The victims had been accused of planning to steal cattle. Two people have been arrested on murder charges. Episodes of intolerance towards minorities have increased with the rise of Hindu nationalists. At least, ten Muslims have been killed since 2015.
Guwahati (AsiaNews) – Two Muslims were lynched on Sunday by a “cow protection” mob in Nagaon, a district in the Indian state of Assam, allegedly for planning to steal some of the animals deemed sacred by Hindus.
Speaking to AsiaNews, Ram Puniyani, president of the Centre for Study of Society and Secularism in Mumbai, slammed the latest case of violence against religious minorities.
The latter are increasingly targeted by Hindu nationalist extremists since Narendra Modi and the Bharatya Janata Party (BJP) took over the Union government in 2014, buoyed more recently by the victory of Yogi Adityanath, a radical guru, in the state of Uttar Pradesh.
"These incidents,” Puniyani said, “have been instigated by cow protection policies approved by government authorities. It is an emotional-identity subject that the BJP uses to polarise society along religious lines." However, these incidents are not due a supposed "love for cows, but rather to a feeling of hatred against Muslims," said the secular-oriented activist.
The two victims, Abu Hanifa and Riyazuddin Ali, were aged 20 and 25 respectively. They were chased by people for about 1.5 kilometres and beaten with sticks. When police arrived on the scene, their conditions were desperate. Brought to hospital, they died from their injuries. The police later arrested two people on charges of murder.
The cow is a sacred animal for Hindus and eating it is an outrage to the gods. However, Hindu nationalists have used this to put pressure on Christian and Muslim minorities, who raise and rely on livestock to make a living.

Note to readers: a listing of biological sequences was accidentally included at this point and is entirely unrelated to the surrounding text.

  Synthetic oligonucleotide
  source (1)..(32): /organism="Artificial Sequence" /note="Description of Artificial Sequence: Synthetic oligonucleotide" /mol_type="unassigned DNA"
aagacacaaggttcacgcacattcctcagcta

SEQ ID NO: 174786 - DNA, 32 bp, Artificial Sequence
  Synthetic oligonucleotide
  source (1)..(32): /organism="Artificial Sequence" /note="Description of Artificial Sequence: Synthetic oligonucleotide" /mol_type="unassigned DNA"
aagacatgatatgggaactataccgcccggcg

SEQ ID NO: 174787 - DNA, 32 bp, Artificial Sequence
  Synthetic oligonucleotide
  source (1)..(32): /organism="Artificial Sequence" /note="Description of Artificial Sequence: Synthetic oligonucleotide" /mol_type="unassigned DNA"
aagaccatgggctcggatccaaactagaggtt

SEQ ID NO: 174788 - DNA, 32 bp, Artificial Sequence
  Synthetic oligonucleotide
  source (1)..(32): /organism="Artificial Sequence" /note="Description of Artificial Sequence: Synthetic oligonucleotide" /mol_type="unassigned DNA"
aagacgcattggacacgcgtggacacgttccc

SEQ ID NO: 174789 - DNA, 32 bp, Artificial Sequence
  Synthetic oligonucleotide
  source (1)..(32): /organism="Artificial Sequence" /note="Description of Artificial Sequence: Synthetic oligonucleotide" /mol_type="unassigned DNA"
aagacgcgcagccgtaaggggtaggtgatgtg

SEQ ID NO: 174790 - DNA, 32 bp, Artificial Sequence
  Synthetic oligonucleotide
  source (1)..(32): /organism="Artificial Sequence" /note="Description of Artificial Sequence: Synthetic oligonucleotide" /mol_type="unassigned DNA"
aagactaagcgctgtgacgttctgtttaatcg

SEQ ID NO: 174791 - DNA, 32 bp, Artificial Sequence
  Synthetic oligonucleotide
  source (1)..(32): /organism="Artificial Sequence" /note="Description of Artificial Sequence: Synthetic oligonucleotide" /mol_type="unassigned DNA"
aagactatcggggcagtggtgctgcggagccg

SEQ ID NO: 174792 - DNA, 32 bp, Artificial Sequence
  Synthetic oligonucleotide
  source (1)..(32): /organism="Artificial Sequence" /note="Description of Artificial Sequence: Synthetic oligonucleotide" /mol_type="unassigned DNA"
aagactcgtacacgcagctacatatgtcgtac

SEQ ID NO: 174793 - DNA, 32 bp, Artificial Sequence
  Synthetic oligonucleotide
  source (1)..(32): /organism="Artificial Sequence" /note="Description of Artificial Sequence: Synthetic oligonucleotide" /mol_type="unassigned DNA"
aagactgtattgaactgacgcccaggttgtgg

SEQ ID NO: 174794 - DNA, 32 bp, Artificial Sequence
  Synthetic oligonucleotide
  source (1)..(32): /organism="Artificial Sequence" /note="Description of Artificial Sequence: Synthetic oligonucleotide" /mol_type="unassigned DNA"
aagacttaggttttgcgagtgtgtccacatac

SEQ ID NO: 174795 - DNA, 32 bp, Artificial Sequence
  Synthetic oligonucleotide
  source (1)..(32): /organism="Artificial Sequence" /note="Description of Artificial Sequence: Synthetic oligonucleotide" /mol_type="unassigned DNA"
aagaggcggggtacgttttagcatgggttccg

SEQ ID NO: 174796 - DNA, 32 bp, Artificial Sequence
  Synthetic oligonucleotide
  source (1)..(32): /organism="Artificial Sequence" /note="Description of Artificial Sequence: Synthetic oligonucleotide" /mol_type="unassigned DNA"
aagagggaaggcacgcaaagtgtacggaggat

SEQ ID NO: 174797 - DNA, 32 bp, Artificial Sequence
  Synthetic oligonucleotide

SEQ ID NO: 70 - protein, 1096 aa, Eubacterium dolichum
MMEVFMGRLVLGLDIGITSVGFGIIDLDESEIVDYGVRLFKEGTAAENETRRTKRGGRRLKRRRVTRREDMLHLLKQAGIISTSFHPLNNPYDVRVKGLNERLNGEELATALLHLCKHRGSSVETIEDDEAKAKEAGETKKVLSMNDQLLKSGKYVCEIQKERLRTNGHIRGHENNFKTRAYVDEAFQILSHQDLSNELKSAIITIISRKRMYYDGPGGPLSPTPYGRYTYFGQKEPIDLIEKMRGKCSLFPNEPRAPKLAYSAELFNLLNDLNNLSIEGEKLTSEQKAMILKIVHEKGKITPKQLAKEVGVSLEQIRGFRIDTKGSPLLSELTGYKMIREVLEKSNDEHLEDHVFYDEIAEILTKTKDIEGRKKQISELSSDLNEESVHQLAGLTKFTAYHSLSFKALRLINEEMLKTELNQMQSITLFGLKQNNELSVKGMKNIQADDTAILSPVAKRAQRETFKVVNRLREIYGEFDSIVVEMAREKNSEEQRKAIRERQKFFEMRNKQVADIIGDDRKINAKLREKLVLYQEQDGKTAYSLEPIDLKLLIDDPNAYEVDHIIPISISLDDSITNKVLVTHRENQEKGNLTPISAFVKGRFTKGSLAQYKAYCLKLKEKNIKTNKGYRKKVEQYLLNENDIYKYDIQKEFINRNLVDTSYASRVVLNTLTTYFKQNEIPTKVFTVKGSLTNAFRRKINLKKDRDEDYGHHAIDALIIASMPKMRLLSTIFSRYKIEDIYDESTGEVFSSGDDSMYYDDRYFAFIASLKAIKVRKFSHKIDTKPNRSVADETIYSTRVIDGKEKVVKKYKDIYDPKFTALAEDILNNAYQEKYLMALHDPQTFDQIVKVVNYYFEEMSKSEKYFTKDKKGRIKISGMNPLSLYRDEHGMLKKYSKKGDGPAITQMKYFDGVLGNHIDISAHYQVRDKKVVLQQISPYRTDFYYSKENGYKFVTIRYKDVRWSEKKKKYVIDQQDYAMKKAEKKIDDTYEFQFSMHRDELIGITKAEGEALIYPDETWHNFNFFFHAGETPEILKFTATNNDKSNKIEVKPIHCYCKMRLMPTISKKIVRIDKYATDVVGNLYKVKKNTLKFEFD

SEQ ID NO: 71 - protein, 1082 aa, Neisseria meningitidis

In many states, slaughtering and eating beef has been banned; however, this has not been limited to Hindus but has been imposed on others as well, forcing them to follow practices outside of their religious beliefs.
Some human rights groups report that since 2015 at least ten Muslims have been murdered for allegedly stealing, selling, or slaughtering beef.
Suspicion alone of illegally slaughtering cows can trigger episodes of extreme violence, such as the murder of a Muslim family man who was torched in Uttar Pradesh in 2015 by an angry mob of Hindu extremists who had accused him of eating beef. After months of investigation, it was discovered that the meat was buffalo. Last year in Gujarat, four Dalits were beaten for skinning a cow (in fact it was a lion).
NGOs complain that the situation has worsened since the BJP won in recent local elections. Indeed, one of the first acts of the new chief minister of Uttar Pradesh, Yogi Adityanath, was to close illegal slaughterhouses to protect cows. Similarly, the Gujarat government has imposed jail time and a fine of 100,000 rupees (US$ 1,550) on anyone who kills a cow.
In early April, a 55-year-old Muslim died in Rajasthan following two painful days after he was kicked and punched by a mob of Hindu radicals who had accused him of illegally transporting cattle (he had actually bought the animals legally at a livestock fair).
In view of such repeated cases of violence, Ram Puniyani said that "The ruling party turns consciously a blind eye because such incidents help them in politically mobilising their base and reinforce their political agenda."